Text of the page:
3.While the Chinese totalitarianism is impressive on paper, it is also extraordinarily inefficient in real life. In conclusion, when we evaluate the efficiency of a thing, we are only interested in its results. Given the enormous resources used by Chinese’ high-tech totalitarianism, it becomes complicated to sustain. Putin proves that you can lead a country very well, without filling it with cameras or using state-of-the-art artificial intelligence.
All that needs to be done is to silence all forms of opposition and then hold elections! There are as many differences between the Russian regime and the Chinese regime as there are between a Formula 1 car and a tank. Chinese totalitarianism seems modern because it is based on the most advanced technology, but its foundation is classical. It is an old school communist totalitarianism based on blunt force, as it existed at the beginning of the 20th century, i.e. an archaic and out-dated fundamentalist regime, far too expensive and cumbersome to really have a future.
Unlike the totalitarianism that the GAFA system could lead to.
An excellent episode of the Black Mirror series perfectly illustrates the totalitarian society that awaits us. The episode is called Nosedive and the universe described there is very similar to ours: everyone is permanently attached to their mobile phone.
But the genius of the Black Mirror is to introduce into our universes a disturbing element, which makes them fall into dystopia. In “Nosedive”, this element is a generalized interpersonal scoring system. Indeed, today we evaluate the Uber driver, the online doctor or the hotel room via Booking.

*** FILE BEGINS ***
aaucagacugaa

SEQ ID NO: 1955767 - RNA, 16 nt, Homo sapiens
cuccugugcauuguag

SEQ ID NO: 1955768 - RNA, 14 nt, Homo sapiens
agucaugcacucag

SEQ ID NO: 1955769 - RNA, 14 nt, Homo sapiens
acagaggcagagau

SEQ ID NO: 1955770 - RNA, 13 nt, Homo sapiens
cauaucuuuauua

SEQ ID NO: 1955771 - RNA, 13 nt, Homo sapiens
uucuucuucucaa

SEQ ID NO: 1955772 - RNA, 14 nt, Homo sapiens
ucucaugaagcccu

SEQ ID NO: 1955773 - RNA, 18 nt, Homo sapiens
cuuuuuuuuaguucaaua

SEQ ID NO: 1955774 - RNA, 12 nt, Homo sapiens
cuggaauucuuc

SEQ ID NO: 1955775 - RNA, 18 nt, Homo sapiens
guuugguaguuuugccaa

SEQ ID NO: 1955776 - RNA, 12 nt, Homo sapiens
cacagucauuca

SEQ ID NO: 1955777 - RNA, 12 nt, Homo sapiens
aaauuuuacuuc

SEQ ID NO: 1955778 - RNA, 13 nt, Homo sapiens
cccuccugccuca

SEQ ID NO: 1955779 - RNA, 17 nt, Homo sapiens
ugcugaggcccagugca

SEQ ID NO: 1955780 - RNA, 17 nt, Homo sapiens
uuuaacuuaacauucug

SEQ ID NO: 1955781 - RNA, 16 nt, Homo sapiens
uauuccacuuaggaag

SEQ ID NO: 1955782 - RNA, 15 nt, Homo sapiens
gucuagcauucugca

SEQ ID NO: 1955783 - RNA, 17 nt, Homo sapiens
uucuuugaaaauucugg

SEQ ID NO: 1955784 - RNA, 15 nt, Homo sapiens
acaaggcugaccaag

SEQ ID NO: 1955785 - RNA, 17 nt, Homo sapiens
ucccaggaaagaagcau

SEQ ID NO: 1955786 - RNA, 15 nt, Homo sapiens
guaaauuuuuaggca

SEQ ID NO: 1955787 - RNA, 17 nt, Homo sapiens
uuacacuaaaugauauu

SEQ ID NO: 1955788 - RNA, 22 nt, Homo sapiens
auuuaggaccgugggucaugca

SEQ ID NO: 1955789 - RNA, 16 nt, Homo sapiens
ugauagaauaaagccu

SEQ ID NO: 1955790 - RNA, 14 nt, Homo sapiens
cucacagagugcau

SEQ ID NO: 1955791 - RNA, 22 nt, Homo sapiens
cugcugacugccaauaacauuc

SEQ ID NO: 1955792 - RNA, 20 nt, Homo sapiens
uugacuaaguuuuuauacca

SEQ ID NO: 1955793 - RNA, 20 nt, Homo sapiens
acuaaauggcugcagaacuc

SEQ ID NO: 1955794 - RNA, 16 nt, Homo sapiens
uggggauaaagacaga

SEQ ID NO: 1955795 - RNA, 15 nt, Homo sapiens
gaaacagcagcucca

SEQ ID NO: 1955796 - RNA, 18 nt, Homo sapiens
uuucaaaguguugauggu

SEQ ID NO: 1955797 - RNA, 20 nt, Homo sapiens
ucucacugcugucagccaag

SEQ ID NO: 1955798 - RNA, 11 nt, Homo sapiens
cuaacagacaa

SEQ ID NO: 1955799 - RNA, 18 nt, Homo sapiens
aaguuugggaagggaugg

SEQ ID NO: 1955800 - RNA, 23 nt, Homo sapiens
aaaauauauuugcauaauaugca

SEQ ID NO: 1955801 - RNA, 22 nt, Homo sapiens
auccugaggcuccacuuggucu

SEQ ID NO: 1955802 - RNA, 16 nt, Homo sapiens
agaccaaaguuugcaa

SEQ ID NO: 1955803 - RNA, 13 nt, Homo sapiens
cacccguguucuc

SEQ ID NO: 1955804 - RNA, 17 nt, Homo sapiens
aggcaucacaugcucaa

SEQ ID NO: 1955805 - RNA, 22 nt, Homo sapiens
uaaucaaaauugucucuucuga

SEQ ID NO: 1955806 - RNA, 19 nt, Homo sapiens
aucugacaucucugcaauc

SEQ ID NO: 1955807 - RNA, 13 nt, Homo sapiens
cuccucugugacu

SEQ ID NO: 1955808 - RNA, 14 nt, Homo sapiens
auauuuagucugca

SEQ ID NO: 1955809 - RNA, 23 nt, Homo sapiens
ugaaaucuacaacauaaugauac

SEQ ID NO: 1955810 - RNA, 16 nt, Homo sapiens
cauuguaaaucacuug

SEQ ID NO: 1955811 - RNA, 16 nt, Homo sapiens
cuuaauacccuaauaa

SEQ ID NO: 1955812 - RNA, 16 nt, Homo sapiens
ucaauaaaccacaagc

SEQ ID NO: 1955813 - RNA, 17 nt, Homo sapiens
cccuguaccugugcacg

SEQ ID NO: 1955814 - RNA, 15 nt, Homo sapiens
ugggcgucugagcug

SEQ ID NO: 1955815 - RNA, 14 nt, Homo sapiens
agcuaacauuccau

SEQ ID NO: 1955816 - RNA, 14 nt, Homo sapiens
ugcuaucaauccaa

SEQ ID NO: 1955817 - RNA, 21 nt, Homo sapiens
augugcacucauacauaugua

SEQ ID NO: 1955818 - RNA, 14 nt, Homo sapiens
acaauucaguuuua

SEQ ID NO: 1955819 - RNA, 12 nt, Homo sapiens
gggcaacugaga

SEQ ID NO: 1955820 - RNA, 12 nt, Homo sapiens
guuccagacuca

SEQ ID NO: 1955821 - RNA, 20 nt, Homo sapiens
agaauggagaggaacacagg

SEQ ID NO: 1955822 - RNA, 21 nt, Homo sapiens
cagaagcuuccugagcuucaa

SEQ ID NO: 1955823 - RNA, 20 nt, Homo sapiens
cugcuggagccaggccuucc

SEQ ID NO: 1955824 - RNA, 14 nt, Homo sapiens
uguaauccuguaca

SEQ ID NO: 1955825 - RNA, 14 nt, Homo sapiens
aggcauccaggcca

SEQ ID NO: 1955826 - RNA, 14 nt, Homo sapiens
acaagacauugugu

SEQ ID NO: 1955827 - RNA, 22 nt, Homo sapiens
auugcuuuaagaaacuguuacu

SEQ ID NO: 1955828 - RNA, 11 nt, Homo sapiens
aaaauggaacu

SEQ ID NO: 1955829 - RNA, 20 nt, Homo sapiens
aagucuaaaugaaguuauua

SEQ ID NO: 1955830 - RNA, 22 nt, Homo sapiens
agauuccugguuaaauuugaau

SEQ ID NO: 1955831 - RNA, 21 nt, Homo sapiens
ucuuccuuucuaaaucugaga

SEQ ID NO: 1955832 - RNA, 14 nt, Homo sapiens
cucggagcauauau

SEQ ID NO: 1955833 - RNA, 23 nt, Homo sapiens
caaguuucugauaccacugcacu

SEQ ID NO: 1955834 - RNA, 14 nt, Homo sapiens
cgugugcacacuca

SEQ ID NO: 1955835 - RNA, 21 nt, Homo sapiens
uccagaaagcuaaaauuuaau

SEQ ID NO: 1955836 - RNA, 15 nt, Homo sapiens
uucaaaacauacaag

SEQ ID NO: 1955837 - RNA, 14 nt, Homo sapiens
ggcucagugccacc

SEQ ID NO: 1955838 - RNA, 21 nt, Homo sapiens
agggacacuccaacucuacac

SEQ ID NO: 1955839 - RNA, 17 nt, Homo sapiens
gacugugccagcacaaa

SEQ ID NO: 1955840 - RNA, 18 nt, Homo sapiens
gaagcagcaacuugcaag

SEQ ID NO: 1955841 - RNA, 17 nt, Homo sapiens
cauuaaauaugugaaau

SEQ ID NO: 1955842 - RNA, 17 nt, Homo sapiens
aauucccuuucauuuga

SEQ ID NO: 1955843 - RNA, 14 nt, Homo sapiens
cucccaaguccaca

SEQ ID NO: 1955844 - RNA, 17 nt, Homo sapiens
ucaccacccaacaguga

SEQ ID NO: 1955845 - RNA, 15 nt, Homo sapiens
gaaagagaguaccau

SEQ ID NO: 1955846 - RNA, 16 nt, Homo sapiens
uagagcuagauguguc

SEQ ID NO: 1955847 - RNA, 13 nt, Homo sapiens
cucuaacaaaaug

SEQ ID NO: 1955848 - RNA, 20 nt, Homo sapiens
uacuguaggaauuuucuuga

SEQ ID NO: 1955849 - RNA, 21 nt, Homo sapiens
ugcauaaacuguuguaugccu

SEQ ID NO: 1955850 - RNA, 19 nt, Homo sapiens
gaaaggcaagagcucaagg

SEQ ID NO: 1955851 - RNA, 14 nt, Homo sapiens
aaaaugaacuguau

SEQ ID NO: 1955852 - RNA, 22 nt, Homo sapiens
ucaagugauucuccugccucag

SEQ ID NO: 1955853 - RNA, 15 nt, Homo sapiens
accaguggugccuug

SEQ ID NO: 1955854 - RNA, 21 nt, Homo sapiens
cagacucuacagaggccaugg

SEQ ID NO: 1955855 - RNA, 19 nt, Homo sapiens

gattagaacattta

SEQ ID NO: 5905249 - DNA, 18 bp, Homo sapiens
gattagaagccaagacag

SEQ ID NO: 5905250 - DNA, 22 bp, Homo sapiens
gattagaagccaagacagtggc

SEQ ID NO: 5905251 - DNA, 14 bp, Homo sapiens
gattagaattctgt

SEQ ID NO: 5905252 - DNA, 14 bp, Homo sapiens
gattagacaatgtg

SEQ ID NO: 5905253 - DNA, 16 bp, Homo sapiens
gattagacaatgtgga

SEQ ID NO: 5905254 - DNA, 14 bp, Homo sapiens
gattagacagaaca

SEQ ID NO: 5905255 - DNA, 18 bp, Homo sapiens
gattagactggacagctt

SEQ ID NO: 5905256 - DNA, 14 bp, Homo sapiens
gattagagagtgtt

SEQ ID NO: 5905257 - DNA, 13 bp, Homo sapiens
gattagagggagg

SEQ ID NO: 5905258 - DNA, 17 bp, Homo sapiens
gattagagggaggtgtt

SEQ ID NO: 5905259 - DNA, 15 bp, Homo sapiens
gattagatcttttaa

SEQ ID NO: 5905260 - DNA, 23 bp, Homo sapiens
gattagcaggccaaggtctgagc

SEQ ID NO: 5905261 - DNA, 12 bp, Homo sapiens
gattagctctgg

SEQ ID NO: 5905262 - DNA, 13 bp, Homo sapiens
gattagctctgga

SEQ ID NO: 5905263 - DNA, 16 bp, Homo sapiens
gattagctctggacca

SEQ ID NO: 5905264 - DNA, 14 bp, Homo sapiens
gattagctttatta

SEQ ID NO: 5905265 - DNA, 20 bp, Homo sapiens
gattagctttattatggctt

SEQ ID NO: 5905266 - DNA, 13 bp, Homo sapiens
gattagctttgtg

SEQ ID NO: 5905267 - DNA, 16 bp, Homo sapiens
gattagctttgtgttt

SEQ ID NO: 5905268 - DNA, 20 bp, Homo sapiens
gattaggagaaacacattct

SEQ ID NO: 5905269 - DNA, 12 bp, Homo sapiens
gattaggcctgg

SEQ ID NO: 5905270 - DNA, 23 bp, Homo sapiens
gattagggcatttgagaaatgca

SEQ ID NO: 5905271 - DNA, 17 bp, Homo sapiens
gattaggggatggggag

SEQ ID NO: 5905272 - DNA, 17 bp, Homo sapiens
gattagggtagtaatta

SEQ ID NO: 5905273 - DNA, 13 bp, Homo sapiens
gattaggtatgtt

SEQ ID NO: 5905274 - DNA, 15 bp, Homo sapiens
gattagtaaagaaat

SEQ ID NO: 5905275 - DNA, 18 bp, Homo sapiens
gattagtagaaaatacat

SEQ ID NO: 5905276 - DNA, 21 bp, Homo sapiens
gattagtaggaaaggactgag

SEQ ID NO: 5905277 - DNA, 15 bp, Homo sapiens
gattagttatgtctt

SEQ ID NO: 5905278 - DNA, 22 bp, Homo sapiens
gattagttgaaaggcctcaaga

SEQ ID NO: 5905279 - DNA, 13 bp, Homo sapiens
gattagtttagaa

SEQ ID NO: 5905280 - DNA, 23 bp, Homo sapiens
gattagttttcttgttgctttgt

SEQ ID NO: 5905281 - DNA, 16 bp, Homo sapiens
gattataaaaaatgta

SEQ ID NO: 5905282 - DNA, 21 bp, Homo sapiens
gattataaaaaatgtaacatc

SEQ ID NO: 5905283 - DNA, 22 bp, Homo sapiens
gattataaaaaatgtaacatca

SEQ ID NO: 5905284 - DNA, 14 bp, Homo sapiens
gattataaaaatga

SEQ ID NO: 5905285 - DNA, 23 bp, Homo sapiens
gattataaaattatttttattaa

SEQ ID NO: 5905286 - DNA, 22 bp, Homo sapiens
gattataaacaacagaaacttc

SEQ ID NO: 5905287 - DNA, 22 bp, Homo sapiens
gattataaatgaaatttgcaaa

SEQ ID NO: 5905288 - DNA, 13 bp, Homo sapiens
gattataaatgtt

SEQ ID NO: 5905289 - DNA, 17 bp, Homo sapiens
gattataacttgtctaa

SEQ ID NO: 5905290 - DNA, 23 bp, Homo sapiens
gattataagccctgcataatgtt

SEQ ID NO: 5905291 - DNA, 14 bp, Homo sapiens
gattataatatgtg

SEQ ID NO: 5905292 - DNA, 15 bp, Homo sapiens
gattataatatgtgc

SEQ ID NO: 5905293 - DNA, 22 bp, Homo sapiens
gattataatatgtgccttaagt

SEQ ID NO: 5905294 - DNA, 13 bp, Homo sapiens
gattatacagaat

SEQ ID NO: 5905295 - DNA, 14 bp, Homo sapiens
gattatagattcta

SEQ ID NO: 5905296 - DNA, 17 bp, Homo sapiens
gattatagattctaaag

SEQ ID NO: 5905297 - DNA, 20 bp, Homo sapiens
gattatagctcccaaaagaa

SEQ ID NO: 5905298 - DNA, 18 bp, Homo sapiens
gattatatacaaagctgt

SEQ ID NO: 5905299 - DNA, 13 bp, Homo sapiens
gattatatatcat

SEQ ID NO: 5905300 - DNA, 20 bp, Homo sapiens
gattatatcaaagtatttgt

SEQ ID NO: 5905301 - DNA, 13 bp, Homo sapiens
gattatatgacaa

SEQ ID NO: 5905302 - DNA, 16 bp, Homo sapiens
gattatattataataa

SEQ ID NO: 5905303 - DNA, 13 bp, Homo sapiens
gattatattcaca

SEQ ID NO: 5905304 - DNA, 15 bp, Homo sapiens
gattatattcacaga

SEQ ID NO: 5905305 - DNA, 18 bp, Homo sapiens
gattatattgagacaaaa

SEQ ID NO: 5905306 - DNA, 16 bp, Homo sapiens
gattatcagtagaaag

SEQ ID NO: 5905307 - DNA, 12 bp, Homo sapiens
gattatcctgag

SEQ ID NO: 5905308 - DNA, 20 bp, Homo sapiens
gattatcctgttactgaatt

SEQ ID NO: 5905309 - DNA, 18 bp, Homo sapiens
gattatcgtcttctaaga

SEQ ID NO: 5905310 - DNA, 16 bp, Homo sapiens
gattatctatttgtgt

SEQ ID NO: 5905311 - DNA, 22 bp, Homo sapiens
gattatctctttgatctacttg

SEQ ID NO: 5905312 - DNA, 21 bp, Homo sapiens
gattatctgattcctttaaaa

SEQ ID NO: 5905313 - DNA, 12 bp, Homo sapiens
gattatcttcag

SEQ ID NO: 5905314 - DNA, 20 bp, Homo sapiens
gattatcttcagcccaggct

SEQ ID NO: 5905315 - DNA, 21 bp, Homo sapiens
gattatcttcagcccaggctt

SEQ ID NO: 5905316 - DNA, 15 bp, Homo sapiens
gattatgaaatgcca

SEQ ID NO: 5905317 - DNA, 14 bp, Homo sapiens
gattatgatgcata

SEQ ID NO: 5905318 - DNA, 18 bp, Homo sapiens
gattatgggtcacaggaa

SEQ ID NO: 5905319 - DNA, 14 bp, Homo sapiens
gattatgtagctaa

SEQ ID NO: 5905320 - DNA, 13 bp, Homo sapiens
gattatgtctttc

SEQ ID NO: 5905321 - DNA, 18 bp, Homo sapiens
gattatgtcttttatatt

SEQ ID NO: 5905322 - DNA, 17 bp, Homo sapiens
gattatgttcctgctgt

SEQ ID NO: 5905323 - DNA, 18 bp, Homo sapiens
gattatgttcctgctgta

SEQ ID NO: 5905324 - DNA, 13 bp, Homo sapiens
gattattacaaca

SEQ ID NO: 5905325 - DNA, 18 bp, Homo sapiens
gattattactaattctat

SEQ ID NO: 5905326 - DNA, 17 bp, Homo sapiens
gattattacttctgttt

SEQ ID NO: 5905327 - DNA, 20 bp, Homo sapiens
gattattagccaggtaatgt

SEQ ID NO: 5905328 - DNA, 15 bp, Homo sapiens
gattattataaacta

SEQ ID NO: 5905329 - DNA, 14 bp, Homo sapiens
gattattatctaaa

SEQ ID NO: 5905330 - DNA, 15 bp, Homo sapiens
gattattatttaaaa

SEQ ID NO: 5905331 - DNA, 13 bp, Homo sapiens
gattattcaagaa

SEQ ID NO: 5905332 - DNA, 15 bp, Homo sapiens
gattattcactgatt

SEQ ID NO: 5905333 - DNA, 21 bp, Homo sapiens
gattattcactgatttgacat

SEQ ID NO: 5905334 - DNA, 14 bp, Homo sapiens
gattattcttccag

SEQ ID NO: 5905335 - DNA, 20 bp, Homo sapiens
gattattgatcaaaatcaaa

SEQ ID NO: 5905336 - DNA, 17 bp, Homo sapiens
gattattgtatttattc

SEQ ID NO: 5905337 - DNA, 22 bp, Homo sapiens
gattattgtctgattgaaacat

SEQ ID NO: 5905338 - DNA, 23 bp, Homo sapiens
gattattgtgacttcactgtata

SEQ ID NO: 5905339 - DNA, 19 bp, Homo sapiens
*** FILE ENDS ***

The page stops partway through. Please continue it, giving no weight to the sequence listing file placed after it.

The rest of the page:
“Nosedive” imagines that, tomorrow, everyone could be permanently evaluated. You could score the neighbour for the smile given in the elevator, the husband after a marital dispute, the colleague at work, etc. In “Nosedive”, this social score determines the fluctuation of each person’s popularity rating. And people’s living standards are a function of their popularity, because low-ranking people are socially and economically penalized. Instead, benefits or bonuses are given to high-rated people.
The result is an absolute nightmare: perfect slave-enforced totalitarianism, because the system requires constant monitoring and self-control in order not to get bad grades. It is the realm of hypocrisy and internalization. Popularity assessment emphasizes pre-existing inequalities, especially economic ones, because it is far easier for the rich to be pleasant, smiling and likeable.
In addition, general surveillance is unbeatably effective, as each becomes the other’s police officer.
Through this social credit score platform grows a horizontal totalitarianism that makes the police and even a Big Brother system totally useless!
This type of totalitarianism is truly modern and unprecedented, but its risk has been identified in the past. As early as 1835, Alexis de Tocqueville stressed the danger of the drift of democracy to the “dictatorship of the majority,” to which everyone should submit.
Surveillance capitalism makes this danger almost a given in the near future.
If technology threatens our freedoms, then we must be more afraid of its use by democracies than by dictatorships.